‘Bro rap’ clouds creative music in real hip-hop

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By Phil Brown, Contributor

Omaha has been spoiled rotten when it comes to visiting hip-hop acts in the last few months. Artists such as Joey Bada$$, the Flatbush Zombies and The Underachievers have all graced Omaha with their talents this fall.
Gateway contributor Taleisha Newbill was at Joey Bada$$’s gig at the Slowdown earlier in the year, and wrote about the incredible atmosphere the young rapper and his crew brought to Omaha, the way people from many different backgrounds felt welcome at the show, and the passion shared by fans and performers.
Bada$$, and the other performers who swept through the city from the East Coast, are certainly a tough act to follow for anyone. But the lineup of hip-hop acts this winter looks absolutely terrible in contrast.
First is the dreadful spectre of bro-rap, the pseudo-genre that piggybacks on the popularity of hip-hop among college kids, but should really be relegated to the basements of party houses and not allowed to find it’s way into venues or tour the nation.
Populated by suburban kids who jump gleefully at the chance to copycat the most superficial and harmful tropes of top-40 hip-hop, bro-rap as a genre is incredibly shallow, relying on obnoxious, earworm instrumentals for any staying power whatsoever.
However, it seems booking agents across the city have embraced it, and bro-rap is set to sweep through Omaha this winter like the plague. Mike Stud kicked the influenza off this Sunday. If you’re the kind of person who uses the word “Stud” in your stage name, I don’t want anything to do with you automatically. But Mike Stud doesn’t just stop at the name, his act is full of unapologetic douchery, and he seems hell-bent on reinforcing every single negative stereotype of 20-something middle-class men.
Worst of all, he seems completely unaware of his own place in the genre, in contrast to someone like Macklemore. He’s currently trying to prove himself as a real artist, and legitimate voice in hip-hop, but with absolutely nothing to say, there’s no way for him to say it compellingly.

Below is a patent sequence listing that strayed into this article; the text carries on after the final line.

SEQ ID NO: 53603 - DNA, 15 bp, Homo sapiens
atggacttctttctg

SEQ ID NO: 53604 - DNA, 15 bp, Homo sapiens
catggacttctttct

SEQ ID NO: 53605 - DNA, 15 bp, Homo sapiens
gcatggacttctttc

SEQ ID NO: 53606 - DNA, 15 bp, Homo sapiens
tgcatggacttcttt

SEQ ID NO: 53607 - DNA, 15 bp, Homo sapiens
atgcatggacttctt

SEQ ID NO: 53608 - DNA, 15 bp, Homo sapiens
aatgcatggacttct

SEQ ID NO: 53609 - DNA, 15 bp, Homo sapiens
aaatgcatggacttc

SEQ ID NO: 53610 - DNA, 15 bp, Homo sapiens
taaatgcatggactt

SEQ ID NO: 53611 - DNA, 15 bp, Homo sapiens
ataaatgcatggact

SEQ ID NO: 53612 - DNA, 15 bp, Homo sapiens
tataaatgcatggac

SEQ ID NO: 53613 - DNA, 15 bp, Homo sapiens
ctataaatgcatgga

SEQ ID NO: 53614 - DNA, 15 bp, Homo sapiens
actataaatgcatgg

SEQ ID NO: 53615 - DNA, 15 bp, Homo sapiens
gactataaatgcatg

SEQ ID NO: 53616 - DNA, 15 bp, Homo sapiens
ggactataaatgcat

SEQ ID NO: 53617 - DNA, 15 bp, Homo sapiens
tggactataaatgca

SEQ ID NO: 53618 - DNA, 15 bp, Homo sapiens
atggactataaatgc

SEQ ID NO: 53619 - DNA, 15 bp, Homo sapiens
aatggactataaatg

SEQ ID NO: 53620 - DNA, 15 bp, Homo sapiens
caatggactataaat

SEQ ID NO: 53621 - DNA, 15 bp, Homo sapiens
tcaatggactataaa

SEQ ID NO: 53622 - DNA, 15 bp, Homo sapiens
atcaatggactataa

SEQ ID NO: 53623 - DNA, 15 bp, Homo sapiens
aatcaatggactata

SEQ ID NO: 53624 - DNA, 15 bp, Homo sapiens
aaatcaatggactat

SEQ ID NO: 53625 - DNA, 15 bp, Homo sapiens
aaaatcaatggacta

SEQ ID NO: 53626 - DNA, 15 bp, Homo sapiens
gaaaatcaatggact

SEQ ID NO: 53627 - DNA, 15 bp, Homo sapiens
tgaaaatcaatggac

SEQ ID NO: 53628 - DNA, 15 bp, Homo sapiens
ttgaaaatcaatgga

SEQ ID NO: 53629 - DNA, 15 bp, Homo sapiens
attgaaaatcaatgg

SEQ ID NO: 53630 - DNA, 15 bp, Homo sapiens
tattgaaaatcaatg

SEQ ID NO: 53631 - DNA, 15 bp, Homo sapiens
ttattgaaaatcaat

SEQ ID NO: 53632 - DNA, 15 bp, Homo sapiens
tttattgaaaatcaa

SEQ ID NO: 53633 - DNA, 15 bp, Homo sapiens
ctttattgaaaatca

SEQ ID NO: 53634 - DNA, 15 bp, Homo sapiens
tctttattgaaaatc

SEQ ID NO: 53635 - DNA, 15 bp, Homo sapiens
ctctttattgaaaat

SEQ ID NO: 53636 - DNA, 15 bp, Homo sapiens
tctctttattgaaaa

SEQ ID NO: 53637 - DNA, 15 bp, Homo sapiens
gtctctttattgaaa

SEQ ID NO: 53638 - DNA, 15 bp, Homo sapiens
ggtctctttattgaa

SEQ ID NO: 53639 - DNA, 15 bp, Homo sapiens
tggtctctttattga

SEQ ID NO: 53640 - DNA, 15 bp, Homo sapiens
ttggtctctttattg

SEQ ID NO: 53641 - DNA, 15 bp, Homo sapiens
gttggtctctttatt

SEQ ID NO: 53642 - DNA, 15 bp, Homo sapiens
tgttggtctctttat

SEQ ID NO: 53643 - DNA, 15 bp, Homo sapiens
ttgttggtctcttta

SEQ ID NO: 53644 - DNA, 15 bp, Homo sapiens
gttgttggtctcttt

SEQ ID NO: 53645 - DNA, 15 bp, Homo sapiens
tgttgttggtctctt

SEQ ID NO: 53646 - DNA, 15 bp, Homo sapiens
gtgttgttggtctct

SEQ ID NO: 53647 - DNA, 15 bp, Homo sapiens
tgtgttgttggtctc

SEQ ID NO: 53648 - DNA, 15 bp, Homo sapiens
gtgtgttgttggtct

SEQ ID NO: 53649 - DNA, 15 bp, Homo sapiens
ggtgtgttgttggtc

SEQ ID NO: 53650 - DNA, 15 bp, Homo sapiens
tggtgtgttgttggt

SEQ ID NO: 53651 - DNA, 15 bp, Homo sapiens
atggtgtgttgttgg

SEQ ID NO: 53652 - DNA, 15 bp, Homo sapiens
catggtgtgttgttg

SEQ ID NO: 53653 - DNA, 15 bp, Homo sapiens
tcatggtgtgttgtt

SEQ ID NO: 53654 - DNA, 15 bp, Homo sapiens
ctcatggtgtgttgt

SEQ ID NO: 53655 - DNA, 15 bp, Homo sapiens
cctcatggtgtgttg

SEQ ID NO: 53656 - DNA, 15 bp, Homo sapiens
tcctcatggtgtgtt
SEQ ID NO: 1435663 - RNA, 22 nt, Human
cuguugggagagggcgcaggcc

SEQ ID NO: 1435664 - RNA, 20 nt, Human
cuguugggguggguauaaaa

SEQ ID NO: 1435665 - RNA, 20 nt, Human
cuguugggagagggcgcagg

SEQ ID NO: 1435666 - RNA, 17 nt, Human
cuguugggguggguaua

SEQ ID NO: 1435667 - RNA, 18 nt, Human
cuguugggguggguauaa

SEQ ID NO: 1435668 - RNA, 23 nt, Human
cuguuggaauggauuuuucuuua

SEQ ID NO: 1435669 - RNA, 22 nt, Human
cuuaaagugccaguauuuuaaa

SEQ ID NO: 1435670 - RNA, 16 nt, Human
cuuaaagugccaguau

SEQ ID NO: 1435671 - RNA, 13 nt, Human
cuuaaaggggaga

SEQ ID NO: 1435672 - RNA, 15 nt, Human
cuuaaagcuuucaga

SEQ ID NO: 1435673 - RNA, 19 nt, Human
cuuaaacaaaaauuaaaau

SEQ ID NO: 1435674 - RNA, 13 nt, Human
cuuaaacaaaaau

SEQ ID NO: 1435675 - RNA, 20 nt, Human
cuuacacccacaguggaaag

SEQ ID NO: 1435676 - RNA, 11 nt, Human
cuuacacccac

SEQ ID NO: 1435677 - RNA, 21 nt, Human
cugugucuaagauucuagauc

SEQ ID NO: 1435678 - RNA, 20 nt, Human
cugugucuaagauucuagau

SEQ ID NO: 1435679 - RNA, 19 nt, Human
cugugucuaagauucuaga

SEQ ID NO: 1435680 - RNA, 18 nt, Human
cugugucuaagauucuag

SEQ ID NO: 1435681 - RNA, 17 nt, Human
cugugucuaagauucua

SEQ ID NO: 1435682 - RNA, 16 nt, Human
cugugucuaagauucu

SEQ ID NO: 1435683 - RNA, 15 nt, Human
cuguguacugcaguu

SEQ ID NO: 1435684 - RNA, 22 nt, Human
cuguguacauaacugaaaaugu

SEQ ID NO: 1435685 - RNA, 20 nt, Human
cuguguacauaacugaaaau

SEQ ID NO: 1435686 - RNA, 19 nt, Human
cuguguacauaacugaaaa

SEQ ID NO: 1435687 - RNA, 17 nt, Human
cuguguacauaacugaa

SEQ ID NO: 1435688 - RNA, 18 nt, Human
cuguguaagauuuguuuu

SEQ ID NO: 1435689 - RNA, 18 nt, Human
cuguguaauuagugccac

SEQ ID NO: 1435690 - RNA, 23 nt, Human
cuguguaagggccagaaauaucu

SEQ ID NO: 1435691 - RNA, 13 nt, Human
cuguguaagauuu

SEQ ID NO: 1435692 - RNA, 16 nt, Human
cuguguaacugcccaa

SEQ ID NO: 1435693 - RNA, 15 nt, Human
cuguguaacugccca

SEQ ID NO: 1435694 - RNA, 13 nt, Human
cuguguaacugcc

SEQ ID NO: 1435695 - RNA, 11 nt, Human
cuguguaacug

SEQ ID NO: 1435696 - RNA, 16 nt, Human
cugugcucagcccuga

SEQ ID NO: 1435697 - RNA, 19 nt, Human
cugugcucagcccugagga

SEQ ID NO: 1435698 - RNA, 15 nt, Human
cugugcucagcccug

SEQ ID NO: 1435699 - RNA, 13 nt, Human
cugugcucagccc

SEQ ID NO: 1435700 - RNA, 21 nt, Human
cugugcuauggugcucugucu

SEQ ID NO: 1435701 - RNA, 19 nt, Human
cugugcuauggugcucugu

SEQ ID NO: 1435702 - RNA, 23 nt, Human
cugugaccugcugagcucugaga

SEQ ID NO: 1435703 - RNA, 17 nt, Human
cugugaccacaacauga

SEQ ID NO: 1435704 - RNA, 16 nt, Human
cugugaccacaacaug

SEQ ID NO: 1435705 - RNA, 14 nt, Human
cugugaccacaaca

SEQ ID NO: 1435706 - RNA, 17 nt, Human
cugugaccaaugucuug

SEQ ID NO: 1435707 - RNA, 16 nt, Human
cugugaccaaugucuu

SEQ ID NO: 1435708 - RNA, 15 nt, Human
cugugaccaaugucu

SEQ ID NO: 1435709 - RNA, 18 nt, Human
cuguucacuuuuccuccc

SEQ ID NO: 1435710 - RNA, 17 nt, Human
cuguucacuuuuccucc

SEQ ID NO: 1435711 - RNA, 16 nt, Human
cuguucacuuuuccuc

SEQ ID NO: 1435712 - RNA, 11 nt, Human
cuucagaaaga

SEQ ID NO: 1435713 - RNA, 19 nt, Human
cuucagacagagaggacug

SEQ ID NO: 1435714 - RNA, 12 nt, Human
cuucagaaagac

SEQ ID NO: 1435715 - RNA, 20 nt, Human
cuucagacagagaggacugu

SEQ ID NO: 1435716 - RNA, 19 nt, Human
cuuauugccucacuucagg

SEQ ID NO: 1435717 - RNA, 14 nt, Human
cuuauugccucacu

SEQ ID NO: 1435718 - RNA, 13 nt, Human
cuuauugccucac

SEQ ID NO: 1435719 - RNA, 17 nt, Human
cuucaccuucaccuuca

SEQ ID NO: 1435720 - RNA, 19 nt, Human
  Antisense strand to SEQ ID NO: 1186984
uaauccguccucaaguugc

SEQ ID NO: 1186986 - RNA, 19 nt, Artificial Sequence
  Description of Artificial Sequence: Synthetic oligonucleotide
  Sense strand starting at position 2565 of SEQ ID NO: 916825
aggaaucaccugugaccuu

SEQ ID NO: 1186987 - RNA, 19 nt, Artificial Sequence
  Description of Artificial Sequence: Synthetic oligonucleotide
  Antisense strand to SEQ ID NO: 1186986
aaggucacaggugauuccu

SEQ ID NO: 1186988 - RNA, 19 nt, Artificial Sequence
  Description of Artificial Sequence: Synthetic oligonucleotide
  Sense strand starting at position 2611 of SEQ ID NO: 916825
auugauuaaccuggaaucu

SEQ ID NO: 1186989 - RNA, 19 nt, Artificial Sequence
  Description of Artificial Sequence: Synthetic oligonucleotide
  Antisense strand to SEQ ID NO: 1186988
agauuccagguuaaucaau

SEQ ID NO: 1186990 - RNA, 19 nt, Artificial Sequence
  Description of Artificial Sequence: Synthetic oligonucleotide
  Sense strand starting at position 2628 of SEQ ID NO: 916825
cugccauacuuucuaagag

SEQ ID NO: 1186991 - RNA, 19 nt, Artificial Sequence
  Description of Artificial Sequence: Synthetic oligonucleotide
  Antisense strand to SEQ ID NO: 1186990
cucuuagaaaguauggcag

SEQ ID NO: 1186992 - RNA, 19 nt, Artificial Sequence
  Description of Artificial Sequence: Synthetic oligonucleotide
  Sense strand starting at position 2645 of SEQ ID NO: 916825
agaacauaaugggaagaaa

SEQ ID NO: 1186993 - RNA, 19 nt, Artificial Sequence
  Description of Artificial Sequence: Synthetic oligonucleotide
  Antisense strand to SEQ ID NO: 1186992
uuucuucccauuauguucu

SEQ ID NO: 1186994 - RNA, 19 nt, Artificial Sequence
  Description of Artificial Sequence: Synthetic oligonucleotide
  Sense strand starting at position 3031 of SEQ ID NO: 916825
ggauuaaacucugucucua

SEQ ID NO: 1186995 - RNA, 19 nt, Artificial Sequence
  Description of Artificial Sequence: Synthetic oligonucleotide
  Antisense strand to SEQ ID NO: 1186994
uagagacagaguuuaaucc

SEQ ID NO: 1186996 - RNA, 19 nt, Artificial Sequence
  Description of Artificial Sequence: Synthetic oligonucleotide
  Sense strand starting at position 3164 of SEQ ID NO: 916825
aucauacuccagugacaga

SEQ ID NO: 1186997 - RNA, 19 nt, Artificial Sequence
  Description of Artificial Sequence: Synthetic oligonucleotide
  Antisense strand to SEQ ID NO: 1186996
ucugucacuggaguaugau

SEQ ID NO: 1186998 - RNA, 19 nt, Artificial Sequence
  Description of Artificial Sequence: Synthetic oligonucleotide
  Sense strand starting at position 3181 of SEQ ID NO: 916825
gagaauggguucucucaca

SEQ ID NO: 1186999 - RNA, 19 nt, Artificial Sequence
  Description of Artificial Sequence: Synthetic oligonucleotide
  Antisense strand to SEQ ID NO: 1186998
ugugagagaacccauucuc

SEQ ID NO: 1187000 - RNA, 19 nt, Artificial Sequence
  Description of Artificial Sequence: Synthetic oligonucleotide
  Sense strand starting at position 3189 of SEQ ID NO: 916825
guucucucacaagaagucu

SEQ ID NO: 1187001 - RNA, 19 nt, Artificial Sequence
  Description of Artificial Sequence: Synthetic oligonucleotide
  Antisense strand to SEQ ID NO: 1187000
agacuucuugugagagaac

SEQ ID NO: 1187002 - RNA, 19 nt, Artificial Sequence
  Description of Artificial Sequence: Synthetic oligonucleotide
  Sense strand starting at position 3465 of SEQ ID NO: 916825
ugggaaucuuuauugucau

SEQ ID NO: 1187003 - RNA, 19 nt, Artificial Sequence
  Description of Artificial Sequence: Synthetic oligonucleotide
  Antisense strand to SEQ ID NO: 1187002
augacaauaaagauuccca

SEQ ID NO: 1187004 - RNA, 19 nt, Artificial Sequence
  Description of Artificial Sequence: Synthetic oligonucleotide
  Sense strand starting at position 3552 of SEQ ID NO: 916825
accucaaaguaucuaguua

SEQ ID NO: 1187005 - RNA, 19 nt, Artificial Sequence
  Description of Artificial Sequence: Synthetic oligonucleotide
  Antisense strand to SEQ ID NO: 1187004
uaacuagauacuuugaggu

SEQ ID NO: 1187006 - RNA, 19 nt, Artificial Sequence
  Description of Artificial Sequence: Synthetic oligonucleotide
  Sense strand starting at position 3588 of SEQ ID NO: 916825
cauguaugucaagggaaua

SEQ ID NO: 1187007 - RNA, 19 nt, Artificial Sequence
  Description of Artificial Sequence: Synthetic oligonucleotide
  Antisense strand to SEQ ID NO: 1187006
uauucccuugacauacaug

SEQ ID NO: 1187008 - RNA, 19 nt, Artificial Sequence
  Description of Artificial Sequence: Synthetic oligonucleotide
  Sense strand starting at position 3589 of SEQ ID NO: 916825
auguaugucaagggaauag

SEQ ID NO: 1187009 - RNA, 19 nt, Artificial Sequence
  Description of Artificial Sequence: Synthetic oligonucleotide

There’s also another segment of hip-hop that will be overrepresented this winter: the overearnest and undertalented “artistic” rapper.
Watsky is the best-known representative of this style that will be coming to town this winter. I admire Watsky for his critique of many of the things I find wrong with bro-rap, the stereotypical vocalization, the shallow subject matter and the general meaninglessness of it all.
But Watsky’s own offerings aren’t compelling either: while he has technical skill as a rapper and poet, his poetry is cheesy and completely unsuited to rap, and his rapping serves vocalization that’s simply boring.
While rappers like Lil B and Riff Raff use their cheesiness deliberately, Watsky seems unaware of it, and fully assured of his own worth, self-aggrandising in his lyrics. Unfortunately, I would similarly classify the hometown project Capitol Ave.
While the music itself I find to be truly fun and more interesting than run-of-the-mill hip-hop, the rapping of Benny Salz is similar to that of Watsky, with less technical skill.
It will be a bleak winter for hip-hop fans in Omaha, with the possible consolation of Yelawolf’s gig later this month. Go and support local music with Capitol Ave., if you’d like, but besides that, hunker down, wait for spring, and listen through Kendrick’s discography on your iPhone a few times.

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